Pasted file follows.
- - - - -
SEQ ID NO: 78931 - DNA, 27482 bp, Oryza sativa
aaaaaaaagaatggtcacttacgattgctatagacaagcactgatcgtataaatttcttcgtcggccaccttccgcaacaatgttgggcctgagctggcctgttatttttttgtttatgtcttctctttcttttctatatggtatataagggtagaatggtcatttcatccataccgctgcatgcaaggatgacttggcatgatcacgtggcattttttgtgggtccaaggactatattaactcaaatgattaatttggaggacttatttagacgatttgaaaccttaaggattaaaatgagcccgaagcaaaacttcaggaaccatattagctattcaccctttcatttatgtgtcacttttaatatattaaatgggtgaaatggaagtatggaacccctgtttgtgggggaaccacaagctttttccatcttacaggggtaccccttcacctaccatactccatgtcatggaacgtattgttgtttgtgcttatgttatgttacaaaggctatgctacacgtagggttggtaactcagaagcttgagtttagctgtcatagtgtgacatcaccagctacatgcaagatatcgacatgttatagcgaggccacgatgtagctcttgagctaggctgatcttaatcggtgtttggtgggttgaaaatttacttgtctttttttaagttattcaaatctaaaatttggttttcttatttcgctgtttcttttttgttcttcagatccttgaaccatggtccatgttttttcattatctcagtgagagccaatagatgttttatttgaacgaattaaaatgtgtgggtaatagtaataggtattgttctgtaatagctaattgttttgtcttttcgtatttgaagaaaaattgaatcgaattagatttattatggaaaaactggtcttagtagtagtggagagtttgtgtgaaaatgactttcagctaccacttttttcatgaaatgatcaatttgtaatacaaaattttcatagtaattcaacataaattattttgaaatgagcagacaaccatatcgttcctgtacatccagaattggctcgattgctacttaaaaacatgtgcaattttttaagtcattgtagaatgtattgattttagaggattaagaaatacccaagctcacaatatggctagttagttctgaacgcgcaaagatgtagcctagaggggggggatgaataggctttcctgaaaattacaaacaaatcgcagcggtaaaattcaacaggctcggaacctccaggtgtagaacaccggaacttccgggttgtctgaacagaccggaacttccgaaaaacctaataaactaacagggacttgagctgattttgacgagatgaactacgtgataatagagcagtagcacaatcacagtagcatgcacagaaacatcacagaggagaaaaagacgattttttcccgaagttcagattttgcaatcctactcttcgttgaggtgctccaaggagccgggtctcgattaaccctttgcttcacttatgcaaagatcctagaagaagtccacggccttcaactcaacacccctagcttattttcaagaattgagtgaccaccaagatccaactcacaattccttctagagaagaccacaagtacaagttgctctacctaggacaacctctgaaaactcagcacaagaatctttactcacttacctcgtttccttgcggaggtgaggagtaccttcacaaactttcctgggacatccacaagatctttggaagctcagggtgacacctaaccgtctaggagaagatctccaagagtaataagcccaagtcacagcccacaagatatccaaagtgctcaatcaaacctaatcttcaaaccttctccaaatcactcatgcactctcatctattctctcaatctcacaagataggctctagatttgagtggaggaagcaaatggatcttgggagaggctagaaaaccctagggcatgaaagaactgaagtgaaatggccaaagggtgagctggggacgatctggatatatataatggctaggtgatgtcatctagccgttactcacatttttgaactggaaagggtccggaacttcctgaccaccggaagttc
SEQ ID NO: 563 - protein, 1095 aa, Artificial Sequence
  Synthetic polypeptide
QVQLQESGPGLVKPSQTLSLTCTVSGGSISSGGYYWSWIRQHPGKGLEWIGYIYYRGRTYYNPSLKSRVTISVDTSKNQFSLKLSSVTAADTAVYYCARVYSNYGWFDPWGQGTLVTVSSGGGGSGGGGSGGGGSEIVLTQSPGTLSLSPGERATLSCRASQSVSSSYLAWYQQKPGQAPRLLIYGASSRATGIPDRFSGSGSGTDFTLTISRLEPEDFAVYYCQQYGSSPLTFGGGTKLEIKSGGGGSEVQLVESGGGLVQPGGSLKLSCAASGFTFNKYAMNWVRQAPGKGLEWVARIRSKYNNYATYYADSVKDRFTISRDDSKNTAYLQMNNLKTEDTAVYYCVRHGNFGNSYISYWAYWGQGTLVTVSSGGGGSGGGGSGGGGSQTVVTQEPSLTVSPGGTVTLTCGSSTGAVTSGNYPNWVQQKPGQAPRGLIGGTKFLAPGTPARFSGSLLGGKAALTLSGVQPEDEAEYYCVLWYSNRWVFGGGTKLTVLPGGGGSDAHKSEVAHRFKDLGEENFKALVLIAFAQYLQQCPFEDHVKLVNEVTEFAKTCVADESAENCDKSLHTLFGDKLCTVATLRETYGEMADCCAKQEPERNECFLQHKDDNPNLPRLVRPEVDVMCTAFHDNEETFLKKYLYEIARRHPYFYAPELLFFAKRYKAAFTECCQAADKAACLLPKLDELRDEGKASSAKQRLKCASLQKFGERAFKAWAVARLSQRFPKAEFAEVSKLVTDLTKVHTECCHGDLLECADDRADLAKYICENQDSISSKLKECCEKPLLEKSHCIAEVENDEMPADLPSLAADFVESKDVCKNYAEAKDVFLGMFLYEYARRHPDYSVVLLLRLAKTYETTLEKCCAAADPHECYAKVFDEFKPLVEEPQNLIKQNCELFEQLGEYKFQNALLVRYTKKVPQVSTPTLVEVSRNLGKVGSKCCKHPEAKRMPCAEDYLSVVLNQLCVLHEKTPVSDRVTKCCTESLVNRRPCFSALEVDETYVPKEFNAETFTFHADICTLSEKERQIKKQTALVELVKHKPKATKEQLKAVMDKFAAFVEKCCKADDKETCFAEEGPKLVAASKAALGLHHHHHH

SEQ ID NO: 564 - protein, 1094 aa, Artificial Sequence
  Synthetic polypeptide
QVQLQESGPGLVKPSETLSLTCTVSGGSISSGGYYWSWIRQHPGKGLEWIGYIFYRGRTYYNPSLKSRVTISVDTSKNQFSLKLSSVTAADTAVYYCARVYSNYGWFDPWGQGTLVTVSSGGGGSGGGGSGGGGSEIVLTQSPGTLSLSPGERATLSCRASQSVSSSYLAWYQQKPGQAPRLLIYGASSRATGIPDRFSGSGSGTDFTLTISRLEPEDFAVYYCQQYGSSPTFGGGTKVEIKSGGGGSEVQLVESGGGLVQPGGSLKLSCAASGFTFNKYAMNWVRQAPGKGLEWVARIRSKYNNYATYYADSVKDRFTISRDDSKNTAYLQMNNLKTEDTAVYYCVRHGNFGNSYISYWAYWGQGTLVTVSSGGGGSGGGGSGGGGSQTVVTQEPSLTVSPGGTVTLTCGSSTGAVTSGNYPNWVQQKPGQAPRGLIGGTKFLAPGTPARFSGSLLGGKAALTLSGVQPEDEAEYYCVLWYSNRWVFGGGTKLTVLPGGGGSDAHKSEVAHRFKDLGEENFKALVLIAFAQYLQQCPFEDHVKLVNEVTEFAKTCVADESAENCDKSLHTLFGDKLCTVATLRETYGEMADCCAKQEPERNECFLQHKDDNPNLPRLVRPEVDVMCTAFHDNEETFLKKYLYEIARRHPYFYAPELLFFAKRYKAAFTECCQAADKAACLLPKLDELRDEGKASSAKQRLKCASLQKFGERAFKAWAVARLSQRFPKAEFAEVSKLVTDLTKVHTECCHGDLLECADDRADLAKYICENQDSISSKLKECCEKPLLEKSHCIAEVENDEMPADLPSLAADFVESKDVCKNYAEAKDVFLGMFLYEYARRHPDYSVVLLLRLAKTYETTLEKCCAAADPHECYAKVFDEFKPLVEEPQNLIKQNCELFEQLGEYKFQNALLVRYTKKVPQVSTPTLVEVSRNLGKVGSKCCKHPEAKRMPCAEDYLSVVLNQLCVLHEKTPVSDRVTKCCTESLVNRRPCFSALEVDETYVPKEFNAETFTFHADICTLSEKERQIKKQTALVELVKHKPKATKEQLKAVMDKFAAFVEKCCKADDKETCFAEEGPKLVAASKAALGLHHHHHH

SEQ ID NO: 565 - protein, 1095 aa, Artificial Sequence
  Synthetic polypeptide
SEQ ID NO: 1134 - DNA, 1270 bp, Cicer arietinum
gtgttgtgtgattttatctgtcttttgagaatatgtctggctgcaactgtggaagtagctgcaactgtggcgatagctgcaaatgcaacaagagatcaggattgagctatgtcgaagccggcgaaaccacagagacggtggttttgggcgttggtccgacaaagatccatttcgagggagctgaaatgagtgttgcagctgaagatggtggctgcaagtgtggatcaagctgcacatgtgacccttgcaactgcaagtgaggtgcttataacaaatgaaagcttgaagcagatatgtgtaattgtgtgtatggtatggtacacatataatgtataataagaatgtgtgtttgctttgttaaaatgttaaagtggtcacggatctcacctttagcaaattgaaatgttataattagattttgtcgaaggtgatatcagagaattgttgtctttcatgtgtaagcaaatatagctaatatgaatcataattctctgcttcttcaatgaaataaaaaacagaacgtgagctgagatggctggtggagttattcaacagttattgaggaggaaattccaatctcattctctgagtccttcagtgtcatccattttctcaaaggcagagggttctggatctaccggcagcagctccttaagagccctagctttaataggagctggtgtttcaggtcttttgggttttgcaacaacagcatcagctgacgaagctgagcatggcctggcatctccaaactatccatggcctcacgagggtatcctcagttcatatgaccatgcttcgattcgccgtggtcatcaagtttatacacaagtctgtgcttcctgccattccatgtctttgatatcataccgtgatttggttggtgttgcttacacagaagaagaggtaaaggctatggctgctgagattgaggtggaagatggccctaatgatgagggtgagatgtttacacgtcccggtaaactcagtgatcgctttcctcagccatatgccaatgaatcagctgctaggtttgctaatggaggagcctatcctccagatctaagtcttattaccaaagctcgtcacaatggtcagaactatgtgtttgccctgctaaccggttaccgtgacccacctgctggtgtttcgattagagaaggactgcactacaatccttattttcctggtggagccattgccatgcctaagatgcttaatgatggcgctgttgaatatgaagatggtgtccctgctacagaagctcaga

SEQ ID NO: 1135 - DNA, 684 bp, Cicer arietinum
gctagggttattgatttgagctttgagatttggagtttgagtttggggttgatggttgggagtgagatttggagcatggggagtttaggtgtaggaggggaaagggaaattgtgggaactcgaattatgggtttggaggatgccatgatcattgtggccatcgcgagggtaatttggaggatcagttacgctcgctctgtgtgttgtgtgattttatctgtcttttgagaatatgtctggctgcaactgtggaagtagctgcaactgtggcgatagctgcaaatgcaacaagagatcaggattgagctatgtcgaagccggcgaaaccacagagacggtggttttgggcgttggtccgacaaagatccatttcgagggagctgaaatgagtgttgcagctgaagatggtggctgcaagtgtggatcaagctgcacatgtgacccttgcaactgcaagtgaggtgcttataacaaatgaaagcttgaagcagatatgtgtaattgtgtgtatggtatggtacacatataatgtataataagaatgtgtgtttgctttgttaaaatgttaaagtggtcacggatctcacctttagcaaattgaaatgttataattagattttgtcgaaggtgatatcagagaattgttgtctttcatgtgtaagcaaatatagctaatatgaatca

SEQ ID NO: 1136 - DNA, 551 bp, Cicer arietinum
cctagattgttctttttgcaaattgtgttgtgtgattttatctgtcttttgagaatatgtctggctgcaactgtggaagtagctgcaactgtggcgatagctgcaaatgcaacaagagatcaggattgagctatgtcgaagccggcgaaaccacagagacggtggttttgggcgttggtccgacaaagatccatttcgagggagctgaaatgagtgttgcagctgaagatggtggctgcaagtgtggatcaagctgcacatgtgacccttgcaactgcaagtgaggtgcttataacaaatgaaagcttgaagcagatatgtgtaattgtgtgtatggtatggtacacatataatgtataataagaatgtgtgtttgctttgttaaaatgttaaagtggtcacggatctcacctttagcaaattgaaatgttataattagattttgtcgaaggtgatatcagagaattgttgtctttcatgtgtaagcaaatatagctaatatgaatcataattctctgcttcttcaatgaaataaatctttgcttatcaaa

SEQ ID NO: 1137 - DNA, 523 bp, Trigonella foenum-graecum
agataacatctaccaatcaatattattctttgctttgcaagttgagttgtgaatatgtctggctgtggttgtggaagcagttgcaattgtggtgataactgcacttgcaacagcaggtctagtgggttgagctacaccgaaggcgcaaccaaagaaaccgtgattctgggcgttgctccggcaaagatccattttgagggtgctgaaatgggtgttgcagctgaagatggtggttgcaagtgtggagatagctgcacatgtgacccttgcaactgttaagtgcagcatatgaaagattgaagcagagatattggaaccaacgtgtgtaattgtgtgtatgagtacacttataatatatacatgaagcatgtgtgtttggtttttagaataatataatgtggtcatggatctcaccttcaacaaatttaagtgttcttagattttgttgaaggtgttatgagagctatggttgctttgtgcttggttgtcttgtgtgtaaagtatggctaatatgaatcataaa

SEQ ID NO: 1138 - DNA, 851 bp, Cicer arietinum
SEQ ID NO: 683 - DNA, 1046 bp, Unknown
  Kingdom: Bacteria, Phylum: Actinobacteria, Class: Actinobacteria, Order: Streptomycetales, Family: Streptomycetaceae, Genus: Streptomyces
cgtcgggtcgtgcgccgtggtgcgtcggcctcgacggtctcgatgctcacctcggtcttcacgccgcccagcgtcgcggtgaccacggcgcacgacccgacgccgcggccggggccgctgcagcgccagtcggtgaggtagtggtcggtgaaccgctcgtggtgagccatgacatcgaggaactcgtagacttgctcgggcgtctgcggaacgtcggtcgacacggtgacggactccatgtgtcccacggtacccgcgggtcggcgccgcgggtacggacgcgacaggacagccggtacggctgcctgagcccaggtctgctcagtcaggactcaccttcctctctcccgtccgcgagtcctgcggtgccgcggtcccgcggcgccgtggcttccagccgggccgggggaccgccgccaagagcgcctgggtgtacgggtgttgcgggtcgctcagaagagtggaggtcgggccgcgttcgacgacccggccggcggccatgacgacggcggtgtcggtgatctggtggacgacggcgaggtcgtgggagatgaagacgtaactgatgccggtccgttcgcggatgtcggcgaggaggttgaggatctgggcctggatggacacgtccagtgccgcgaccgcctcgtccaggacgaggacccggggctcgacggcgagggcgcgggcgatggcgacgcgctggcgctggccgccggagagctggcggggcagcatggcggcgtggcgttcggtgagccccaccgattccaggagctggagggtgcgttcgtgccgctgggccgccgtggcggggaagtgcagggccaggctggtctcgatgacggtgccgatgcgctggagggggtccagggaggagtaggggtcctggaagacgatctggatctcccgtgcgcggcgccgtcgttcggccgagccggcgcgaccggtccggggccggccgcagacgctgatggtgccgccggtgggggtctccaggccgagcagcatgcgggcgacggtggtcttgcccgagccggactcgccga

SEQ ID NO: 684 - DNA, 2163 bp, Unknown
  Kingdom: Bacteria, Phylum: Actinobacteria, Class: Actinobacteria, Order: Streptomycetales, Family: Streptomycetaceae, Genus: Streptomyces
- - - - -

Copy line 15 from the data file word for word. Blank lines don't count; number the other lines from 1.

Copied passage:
SEQ ID NO: 1136 - DNA, 551 bp, Cicer arietinum